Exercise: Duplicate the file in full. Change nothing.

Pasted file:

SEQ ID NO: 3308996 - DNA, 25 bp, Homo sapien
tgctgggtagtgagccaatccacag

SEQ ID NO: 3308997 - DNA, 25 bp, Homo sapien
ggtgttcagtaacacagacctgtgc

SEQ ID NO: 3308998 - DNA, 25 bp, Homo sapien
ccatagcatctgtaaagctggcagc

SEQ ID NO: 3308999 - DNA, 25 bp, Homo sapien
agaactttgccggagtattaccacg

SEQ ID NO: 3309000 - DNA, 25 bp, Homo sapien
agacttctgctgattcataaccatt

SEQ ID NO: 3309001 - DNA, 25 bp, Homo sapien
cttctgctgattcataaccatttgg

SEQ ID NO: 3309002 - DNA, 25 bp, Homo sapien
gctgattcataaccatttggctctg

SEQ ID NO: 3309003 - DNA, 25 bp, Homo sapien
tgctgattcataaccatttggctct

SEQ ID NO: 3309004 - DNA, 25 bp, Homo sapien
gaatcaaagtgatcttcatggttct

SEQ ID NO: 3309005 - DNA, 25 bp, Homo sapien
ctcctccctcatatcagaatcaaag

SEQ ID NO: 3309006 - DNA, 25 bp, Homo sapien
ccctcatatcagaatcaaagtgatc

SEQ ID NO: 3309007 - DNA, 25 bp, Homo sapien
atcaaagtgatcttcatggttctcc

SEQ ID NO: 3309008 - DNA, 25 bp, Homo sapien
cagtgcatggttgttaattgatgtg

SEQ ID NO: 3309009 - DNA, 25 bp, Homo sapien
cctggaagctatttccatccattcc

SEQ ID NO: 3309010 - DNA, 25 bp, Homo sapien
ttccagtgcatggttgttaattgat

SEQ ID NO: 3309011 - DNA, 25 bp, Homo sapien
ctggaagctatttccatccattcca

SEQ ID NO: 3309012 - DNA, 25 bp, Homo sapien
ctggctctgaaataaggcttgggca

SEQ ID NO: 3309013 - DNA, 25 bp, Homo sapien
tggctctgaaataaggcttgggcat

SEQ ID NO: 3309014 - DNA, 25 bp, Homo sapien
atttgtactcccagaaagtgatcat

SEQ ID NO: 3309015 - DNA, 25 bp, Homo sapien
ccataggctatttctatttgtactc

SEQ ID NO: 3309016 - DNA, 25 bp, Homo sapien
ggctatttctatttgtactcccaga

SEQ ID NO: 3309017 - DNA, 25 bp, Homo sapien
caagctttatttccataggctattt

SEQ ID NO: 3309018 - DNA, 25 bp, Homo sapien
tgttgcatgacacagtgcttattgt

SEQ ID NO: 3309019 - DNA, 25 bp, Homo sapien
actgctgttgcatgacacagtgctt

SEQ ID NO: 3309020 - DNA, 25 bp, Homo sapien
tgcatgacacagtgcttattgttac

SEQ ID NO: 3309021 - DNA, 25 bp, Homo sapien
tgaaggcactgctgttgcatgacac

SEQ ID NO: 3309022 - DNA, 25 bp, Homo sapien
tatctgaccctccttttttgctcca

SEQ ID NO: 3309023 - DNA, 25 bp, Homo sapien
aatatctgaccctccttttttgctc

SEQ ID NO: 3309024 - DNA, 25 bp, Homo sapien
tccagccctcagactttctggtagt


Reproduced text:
SEQ ID NO: 3308996 - DNA, 25 bp, Homo sapien
tgctgggtagtgagccaatccacag

SEQ ID NO: 3308997 - DNA, 25 bp, Homo sapien
ggtgttcagtaacacagacctgtgc

SEQ ID NO: 3308998 - DNA, 25 bp, Homo sapien
ccatagcatctgtaaagctggcagc

SEQ ID NO: 3308999 - DNA, 25 bp, Homo sapien
agaactttgccggagtattaccacg

SEQ ID NO: 3309000 - DNA, 25 bp, Homo sapien
agacttctgctgattcataaccatt

SEQ ID NO: 3309001 - DNA, 25 bp, Homo sapien
cttctgctgattcataaccatttgg

SEQ ID NO: 3309002 - DNA, 25 bp, Homo sapien
gctgattcataaccatttggctctg

SEQ ID NO: 3309003 - DNA, 25 bp, Homo sapien
tgctgattcataaccatttggctct

SEQ ID NO: 3309004 - DNA, 25 bp, Homo sapien
gaatcaaagtgatcttcatggttct

SEQ ID NO: 3309005 - DNA, 25 bp, Homo sapien
ctcctccctcatatcagaatcaaag

SEQ ID NO: 3309006 - DNA, 25 bp, Homo sapien
ccctcatatcagaatcaaagtgatc

SEQ ID NO: 3309007 - DNA, 25 bp, Homo sapien
atcaaagtgatcttcatggttctcc

SEQ ID NO: 3309008 - DNA, 25 bp, Homo sapien
cagtgcatggttgttaattgatgtg

SEQ ID NO: 3309009 - DNA, 25 bp, Homo sapien
cctggaagctatttccatccattcc

SEQ ID NO: 3309010 - DNA, 25 bp, Homo sapien
ttccagtgcatggttgttaattgat

SEQ ID NO: 3309011 - DNA, 25 bp, Homo sapien
ctggaagctatttccatccattcca

SEQ ID NO: 3309012 - DNA, 25 bp, Homo sapien
ctggctctgaaataaggcttgggca

SEQ ID NO: 3309013 - DNA, 25 bp, Homo sapien
tggctctgaaataaggcttgggcat

SEQ ID NO: 3309014 - DNA, 25 bp, Homo sapien
atttgtactcccagaaagtgatcat

SEQ ID NO: 3309015 - DNA, 25 bp, Homo sapien
ccataggctatttctatttgtactc

SEQ ID NO: 3309016 - DNA, 25 bp, Homo sapien
ggctatttctatttgtactcccaga

SEQ ID NO: 3309017 - DNA, 25 bp, Homo sapien
caagctttatttccataggctattt

SEQ ID NO: 3309018 - DNA, 25 bp, Homo sapien
tgttgcatgacacagtgcttattgt

SEQ ID NO: 3309019 - DNA, 25 bp, Homo sapien
actgctgttgcatgacacagtgctt

SEQ ID NO: 3309020 - DNA, 25 bp, Homo sapien
tgcatgacacagtgcttattgttac

SEQ ID NO: 3309021 - DNA, 25 bp, Homo sapien
tgaaggcactgctgttgcatgacac

SEQ ID NO: 3309022 - DNA, 25 bp, Homo sapien
tatctgaccctccttttttgctcca

SEQ ID NO: 3309023 - DNA, 25 bp, Homo sapien
aatatctgaccctccttttttgctc

SEQ ID NO: 3309024 - DNA, 25 bp, Homo sapien
tccagccctcagactttctggtagt